Dior Joaillerie Shines Through Time As It Marks Its 20th Anniversary
In the sphere of jewellery, 20 years might not make a very long history. But for Dior Joaillerie, it is certainly a milestone worth celebrating, considering the fact that jewellery is not its core business to begin with. And fete it in grand style the French maison did. In June, it held a special presentation of its latest high jewellery collection in the spectacular Palazzo Labia in Venice, showcasing the pieces on models clad in dresses specifically designed for the event by Dior creative director, Maria Grazia Chiuri.
That eventful evening also marked the success of the woman behind the spectacular growth of Dior Joaillerie over the past two decades. A design legend in her own right, Victoire de Castellane, the creative director of Dior’s jewellery division, fused her inimitable style with the aesthetic codes of the fashion house, producing pieces that combine extravagance and colour with femininity and elegance, while consistently adding her signature dose of stylish quirk.
Jewellery has been a big part of Dior from the very beginning, even if it wasn’t the main event back then, so to speak. Today, it is a crucial part of the house’s identity and is well-loved by women all over the world. We take a trip down memory lane to uncover Dior’s long love affair with jewellery.
A Love for Nature
During the early days of Dior’s jewellery, inspiration was largely drawn from nature, reflecting Monsieur Christian Dior’s love for the rural landscape and gardens of France. Floral motifs and animal designs—even unicorns—were frequently seen.
Flowers are generously used as motifs throughout Dior’s fine and high jewellery—the rose, in particular, is a prominent feature, as seen in the Rose Dior Bagatelle and the newly launched Rose Dior Pop collections. No surprise there, since it was Monsieur Dior’s favourite bloom.
Monsieur Dior believed that jewellery is every bit as important as clothing, and would design them specifically for each of his collections, instead of matching them with the clothes as an afterthought. The subsequent years following his passing in 1957 saw the house’s jewellery collections influenced by the nine creative directors at the helm.
(Related: Dior Makeup's Peter Philips Reveals Why The Brand's New Lipsticks Are Infused With Flower Oil)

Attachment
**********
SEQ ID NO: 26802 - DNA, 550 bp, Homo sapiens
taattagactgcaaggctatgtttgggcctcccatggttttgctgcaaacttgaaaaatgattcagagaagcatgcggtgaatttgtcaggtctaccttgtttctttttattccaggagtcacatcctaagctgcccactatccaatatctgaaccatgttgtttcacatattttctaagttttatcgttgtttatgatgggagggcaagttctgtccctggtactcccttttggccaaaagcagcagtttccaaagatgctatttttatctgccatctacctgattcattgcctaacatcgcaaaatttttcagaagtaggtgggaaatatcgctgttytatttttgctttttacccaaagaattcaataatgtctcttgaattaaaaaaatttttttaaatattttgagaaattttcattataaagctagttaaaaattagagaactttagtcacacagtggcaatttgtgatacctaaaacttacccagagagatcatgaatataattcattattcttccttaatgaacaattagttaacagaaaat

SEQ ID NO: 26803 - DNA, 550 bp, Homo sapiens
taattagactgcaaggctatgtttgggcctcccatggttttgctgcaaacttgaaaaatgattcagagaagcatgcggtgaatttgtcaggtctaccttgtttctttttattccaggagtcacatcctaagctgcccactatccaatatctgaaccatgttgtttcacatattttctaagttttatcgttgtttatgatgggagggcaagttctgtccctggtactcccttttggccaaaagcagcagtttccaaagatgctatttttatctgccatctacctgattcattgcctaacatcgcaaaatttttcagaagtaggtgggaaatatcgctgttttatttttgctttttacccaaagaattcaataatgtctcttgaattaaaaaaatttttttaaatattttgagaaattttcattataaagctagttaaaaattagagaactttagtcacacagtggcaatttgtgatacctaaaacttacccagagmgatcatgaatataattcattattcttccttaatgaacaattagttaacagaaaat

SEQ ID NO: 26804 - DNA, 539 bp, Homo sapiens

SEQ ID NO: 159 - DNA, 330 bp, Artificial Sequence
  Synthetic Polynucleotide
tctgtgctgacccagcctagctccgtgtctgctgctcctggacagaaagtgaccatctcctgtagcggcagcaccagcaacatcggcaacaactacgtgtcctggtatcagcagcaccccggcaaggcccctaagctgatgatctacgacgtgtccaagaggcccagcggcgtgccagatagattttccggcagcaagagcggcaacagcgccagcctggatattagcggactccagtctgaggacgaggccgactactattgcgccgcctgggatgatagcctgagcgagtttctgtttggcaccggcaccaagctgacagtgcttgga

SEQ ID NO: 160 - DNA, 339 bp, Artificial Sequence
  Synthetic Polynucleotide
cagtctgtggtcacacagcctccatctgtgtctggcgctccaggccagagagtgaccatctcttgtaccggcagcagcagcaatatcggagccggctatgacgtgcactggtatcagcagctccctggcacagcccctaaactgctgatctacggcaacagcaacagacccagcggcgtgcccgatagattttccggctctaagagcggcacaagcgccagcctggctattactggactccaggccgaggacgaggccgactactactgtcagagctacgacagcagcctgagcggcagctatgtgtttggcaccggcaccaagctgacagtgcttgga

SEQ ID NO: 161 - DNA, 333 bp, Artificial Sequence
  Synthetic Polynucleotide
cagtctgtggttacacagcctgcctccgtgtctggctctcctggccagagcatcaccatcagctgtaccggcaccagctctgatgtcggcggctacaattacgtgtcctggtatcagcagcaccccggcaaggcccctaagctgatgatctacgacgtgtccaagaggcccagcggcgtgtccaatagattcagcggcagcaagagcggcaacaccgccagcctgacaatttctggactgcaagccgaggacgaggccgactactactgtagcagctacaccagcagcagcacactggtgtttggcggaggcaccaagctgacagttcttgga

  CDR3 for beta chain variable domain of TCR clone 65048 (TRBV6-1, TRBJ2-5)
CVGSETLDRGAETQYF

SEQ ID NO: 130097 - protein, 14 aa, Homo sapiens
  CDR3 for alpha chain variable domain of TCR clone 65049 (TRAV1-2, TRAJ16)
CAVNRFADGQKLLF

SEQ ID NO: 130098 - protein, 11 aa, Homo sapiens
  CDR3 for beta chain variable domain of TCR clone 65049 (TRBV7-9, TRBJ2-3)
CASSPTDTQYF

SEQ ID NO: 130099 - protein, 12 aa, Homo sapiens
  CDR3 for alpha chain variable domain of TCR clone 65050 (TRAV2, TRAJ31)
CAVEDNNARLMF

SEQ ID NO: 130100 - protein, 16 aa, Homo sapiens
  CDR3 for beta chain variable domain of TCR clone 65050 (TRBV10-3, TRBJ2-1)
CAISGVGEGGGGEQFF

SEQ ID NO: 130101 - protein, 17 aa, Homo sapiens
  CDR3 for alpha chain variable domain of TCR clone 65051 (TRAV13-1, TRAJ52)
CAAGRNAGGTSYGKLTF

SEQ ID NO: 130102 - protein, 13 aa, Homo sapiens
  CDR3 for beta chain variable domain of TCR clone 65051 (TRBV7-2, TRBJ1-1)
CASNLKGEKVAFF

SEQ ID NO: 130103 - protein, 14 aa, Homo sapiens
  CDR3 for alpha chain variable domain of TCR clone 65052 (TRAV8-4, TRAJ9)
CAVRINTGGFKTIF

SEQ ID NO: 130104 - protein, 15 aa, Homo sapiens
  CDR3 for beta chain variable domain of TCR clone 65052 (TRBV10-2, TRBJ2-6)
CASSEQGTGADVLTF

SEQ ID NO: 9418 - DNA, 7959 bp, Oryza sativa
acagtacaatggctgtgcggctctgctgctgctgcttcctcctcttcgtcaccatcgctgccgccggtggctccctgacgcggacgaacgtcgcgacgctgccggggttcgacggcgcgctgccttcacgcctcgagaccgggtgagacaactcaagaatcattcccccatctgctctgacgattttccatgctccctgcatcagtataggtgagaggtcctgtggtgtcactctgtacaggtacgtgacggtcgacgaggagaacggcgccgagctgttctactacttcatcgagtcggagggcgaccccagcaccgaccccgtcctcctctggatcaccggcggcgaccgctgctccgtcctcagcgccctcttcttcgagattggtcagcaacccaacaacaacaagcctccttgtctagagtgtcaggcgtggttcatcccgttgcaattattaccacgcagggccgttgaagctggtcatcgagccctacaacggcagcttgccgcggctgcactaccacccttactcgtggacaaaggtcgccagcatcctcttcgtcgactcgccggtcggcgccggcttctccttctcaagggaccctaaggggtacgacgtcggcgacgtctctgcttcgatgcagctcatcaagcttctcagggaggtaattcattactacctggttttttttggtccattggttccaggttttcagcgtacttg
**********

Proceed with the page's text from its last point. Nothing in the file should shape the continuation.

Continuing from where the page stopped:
In 1998, the fashion house announced the opening of its official fine jewellery division, Dior Joaillerie. French jewellery designer Victoire de Castellane was chosen as its creative director in 1999. Before that, she had been designing costume jewellery collections for another brand for 14 years.
Born Into Legacy
De Castellane was born into an aristocratic French family. Her love for jewellery grew from watching her grandmother, Countess de Castilleja de Guzman, change her baubles to match her different outfits several times throughout the day.
(Related: Meet The Women Behind The World's Best Jewellery Brands)
Her jewellery designs for Dior Joaillerie veer to extremes—the new Mimirose collection features tiny diamonds and gemstones on the most delicate of gold chains, while the Incroyables et Marveilleuses rings from 1999 featured gobstopper 80-carat semi‑precious stones.
De Castellane is known for her bold aesthetic and bringing a dramatic “costume jewellery” vibe to precious jewellery, revolutionising how fine and high jewellery are typically designed. Case in point: the Archi Dior collection from 2014, where the design of the elaborate pieces follows architectural principles.
Skulls, a recurring theme in Dior Joaillerie creations, demonstrate de Castellane’s knack for making fashion statements out of precious materials—they appeared in the Reines et Rois collection in 2009, and in a more whimsical form in last year’s Tête de Mort collection.
The Rose des Vents collection was unveiled in 2015 and swiftly became a popular icon of the brand. At the centre of the jewellery pieces is the compass rose motif, which is also shaped like a star in reference to one of Monsieur Dior’s favourite lucky charm.
An animal motif to be found regularly among Dior Joaillerie’s creations is the leopard. The Mitzah rings, formed out of a curled leopard’s paw is a nod to Mitzah Bricard, the French fashion icon who was Monsieur Dior’s muse—it was said that she would always wear a leopard-print scarf around her wrist.
A Positive Sign
De Castellane’s sense of quirk is cleverly applied to 2015’s Oui collection, where the French word for “yes” is literally spelt out on earrings, rings and necklaces. While it can represent a multitude of meanings to different people, the collection was designed as a fun way to say “yes” to a loved one.
Palace of Dreams
Released in 2016, the Dior à Versailles high jewellery collection featured a highly unusual material combination—blackened silver was used together with white, rose and yellow gold to create an antiqued look as well give the pieces a dark edge.
In 2018, Dior Joaillerie took inspiration from the fashion codes of the house with the Dior Dior Dior high jewellery pieces, many of which take their shapes from ribbons and lace.
Symbol of Beauty
In 2019, de Castellane pays homage to Monsieur Dior’s passion for the rose with La Rose Dior, a collection of jewellery made up of the Bois de Rose (above), Rose Dior Bagatelle and Rose Dior Pré Catelan series.
(Related: Dior Men’s Kim Jones Wanted To Be A Zoologist Before He Decided On Becoming A Fashion Designer)
The Gem Dior collection, which was launched to mark Dior Joaillerie’s 20th anniversary in 2019, features a riot of colours and plays on asymmetry, a signature style of de Castellane. She says: “It’s as if I had put all my collections from the past 20 years into a shaker and what popped out were freeze-frames and very large pixelated close‑ups. In the end, what is left is material and colour.”